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Disorders of Childhood: Learning Disorders

Andrea Barkoukis, M.A., Natalie Staats Reiss, Ph.D., and Mark Dombeck, Ph.D.

Children or adolescents may be diagnosed with a Learning Disorder when their achievement on individually administered, standardized tests in reading, mathematics, or written expression is significantly below what is expected for their age, schooling, or level of intelligence. The umbrella term "Learning Disorders" includes Reading Disorder, Disorder of Written Expression, and Mathematics Disorder.

Estimates of prevalence rates for the learning disorders vary widely, ranging between 2 and 10% of all children. Currently, more than half of all children who receive special education services have been diagnosed with some sort of learning disability. Males appear to be affected by learning disorders more frequently than females.

These days, learning disorders are thought to be neurobiological in nature, meaning they are problems that begin as a result of a brain development problem. Learning disorders are not caused by other kinds of developmental delays, speech and hearing problems, or by learning a second language as a child.

Reading Disorder

Reading disorders include problems with reading accuracy (i.e., identifying words), reading comprehension (i.e., understanding words), and reading speed. This disorder is more commonly known as "dyslexia". Despite common belief that the term "dyslexia" refers to reading or spelling words backwards, the term actually refers to any difficulty with words that is associated with a reading disorder. Reading disabilities occur in about 20% of school-aged children, and they are the most common type of learning disorder (occurring in 80% of all individuals with a learning disorder).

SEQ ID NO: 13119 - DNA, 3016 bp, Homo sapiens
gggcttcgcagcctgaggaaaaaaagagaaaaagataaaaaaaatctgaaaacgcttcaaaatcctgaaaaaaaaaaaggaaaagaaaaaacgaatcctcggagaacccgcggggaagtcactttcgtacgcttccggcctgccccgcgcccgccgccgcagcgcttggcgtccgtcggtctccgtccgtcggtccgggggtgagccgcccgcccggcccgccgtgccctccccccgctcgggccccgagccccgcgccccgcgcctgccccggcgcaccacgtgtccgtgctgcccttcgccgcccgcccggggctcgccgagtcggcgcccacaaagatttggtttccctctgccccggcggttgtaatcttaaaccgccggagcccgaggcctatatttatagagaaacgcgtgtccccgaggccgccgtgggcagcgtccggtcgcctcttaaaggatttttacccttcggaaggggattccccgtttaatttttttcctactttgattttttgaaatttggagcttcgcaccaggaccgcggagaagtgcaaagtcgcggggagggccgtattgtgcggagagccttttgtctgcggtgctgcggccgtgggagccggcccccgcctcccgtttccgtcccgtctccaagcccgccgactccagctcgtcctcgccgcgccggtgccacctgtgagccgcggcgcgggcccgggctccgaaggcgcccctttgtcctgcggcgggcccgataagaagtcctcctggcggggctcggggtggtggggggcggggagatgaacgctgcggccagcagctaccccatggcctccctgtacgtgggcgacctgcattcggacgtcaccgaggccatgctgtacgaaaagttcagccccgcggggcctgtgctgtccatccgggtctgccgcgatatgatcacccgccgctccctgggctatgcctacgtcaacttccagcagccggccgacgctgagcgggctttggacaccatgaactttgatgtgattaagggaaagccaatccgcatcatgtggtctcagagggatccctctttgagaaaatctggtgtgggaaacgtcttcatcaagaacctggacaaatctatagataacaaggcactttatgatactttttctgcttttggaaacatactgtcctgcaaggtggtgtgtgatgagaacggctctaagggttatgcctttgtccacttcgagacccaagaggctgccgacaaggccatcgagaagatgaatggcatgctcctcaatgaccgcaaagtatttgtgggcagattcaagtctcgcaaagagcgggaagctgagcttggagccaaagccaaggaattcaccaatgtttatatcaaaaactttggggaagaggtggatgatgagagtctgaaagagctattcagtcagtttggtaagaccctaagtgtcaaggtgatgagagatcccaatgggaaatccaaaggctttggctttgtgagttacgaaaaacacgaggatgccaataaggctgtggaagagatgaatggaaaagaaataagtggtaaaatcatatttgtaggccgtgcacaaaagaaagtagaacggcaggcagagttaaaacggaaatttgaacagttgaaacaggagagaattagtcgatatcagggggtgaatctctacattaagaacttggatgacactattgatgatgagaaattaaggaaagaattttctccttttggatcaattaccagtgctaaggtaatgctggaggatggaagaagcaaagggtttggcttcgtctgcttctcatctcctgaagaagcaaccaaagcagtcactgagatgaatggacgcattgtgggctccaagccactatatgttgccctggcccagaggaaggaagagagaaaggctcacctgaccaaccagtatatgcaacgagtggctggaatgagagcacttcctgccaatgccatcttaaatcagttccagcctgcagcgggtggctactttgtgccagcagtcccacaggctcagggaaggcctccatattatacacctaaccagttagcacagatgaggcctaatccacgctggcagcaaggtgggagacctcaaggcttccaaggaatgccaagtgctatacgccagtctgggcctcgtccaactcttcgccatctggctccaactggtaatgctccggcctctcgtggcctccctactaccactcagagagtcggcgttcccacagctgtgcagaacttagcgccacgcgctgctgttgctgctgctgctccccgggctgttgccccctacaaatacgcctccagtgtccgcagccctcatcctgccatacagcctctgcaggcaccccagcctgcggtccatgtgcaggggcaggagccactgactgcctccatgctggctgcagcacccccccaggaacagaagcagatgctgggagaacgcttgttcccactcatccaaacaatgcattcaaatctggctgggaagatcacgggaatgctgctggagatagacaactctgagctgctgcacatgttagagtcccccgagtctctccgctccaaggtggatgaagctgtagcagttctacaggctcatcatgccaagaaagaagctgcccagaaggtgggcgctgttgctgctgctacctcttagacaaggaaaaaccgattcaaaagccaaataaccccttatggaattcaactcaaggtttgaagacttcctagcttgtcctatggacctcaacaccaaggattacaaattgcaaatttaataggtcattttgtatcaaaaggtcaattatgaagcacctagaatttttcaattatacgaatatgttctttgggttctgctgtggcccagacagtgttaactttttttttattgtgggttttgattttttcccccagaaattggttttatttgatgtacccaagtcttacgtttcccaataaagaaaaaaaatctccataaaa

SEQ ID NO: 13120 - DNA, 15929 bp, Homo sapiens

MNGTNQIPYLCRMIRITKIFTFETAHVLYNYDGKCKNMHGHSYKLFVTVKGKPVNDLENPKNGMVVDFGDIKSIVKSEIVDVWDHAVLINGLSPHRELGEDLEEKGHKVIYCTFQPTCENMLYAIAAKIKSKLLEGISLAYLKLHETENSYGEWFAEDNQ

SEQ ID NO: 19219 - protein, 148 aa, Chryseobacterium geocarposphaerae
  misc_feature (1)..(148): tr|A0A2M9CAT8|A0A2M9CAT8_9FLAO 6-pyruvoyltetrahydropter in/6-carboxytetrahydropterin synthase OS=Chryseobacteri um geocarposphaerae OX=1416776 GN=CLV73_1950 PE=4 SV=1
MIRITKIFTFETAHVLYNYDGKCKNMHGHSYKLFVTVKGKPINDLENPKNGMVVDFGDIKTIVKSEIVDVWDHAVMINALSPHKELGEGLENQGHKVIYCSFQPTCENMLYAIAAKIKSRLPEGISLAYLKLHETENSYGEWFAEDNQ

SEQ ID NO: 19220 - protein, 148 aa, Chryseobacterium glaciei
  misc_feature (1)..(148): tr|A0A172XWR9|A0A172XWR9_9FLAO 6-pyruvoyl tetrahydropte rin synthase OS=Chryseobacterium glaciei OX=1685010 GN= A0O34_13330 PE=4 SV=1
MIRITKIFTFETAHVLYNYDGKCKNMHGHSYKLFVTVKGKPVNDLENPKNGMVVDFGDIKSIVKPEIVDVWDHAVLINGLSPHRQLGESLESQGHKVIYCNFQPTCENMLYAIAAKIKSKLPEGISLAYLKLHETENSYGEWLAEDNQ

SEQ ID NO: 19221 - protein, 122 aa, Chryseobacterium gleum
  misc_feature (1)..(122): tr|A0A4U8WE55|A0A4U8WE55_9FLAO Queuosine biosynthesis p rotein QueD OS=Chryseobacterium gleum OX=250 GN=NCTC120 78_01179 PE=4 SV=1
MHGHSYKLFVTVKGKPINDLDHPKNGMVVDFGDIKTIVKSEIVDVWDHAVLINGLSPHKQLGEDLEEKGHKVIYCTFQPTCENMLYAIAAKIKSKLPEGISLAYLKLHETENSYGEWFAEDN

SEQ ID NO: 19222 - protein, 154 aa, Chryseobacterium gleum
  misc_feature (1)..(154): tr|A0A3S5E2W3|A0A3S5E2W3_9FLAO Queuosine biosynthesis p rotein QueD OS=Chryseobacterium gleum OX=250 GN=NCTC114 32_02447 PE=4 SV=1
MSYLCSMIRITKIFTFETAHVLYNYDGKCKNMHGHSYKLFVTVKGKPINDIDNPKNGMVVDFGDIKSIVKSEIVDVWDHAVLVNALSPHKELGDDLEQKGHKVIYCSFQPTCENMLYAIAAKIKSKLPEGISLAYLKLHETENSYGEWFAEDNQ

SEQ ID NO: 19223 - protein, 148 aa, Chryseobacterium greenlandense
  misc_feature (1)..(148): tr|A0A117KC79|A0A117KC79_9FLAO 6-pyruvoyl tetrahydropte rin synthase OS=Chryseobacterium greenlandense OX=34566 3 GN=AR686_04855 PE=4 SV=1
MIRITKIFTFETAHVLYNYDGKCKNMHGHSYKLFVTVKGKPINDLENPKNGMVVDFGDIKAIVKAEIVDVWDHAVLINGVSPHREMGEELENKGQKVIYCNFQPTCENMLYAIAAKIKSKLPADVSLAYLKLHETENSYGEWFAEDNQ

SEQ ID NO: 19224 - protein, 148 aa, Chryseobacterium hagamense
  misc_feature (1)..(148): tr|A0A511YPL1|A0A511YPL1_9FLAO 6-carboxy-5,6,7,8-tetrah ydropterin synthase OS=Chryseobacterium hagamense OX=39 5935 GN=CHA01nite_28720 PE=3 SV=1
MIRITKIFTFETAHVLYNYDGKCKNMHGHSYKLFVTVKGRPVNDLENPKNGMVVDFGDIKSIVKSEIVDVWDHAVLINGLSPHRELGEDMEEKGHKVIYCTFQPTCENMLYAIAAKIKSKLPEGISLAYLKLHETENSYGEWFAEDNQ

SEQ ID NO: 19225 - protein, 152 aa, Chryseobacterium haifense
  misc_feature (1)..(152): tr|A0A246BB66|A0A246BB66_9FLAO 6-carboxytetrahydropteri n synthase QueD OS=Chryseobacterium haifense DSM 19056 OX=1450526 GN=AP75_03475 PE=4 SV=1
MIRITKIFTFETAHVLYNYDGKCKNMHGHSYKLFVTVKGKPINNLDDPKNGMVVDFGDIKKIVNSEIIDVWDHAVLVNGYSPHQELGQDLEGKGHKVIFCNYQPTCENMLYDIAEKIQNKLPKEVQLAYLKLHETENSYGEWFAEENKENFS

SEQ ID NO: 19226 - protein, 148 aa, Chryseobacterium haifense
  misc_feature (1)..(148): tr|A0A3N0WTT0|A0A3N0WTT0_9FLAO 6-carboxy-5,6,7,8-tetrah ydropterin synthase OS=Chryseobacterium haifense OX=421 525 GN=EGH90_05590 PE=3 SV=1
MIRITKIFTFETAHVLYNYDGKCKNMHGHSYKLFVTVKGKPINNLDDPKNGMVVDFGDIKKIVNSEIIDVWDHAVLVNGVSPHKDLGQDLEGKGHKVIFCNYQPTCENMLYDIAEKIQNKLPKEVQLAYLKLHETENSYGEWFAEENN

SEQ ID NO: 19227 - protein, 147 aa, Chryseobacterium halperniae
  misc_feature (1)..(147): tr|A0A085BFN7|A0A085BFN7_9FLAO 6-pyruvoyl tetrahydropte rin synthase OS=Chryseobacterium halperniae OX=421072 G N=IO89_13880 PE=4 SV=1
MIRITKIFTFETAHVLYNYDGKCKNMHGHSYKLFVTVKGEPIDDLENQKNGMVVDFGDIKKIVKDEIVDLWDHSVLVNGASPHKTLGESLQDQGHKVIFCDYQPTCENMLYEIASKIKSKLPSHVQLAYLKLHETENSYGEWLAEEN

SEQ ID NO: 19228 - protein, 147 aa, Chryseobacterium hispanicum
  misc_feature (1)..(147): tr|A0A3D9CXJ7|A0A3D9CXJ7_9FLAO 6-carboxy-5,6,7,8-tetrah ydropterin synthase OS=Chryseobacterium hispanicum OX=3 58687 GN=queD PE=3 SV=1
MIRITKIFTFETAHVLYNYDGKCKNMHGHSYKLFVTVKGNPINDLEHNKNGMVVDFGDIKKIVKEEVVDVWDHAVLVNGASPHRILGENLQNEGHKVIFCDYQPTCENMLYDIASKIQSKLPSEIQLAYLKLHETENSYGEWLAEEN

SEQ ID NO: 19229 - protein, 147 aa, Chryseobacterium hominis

Reading disorders make it more difficult for children to thoroughly understand material they read. Children with reading disorders may have to read passages over and over in order to understand what they are reading. They may also stumble over or skip words or miss entire lines of text. They may exhibit problems in segmenting words and blending sounds, and difficulty associating sounds with letters.

Disorder of Written Expression

A Disorder of Written Expression (also called Dysgraphia) occurs when children have difficulties in writing, especially with handwriting, that interfere with academic achievement or with activities of daily living (e.g., writing grammatically correct sentences or paragraphs). This disorder commonly occurs in conjunction with Reading and/or Mathematics Disorder

Children with this disorder may have problems forming letters or grasping a pencil properly. They may write slowly, or complain that their writing hand is tired. They often have problems writing in cursive (script) and may prefer to print block letters instead. They may also have difficulties with spelling, grammar, punctuation, and capitalization.

Mathematics Disorder

A Mathematics Disorder, also called Dyscalculia, refers to difficulties and underachievement in math, either with learning mathematical concepts or in retaining mathematical information (e.g., problems with writing numbers, arithmetic, visual aspects of math, the language of math, etc.).

A child with mathematics disorder may have problems calculating the answers to math problems. They may skip problems or steps within problems. They may have difficulty in shifting between one mathematical operation and another. For instance, they may add when they should be subtracting or vice versa. They may misalign columns or rows of numbers or put decimals in the wrong place. There are many different types of Mathematics Disorders, so this is a global term that refers to all learning disabilities involving math. Disorders in this category range from mild to severe and occur in 6% to 8% of the population.

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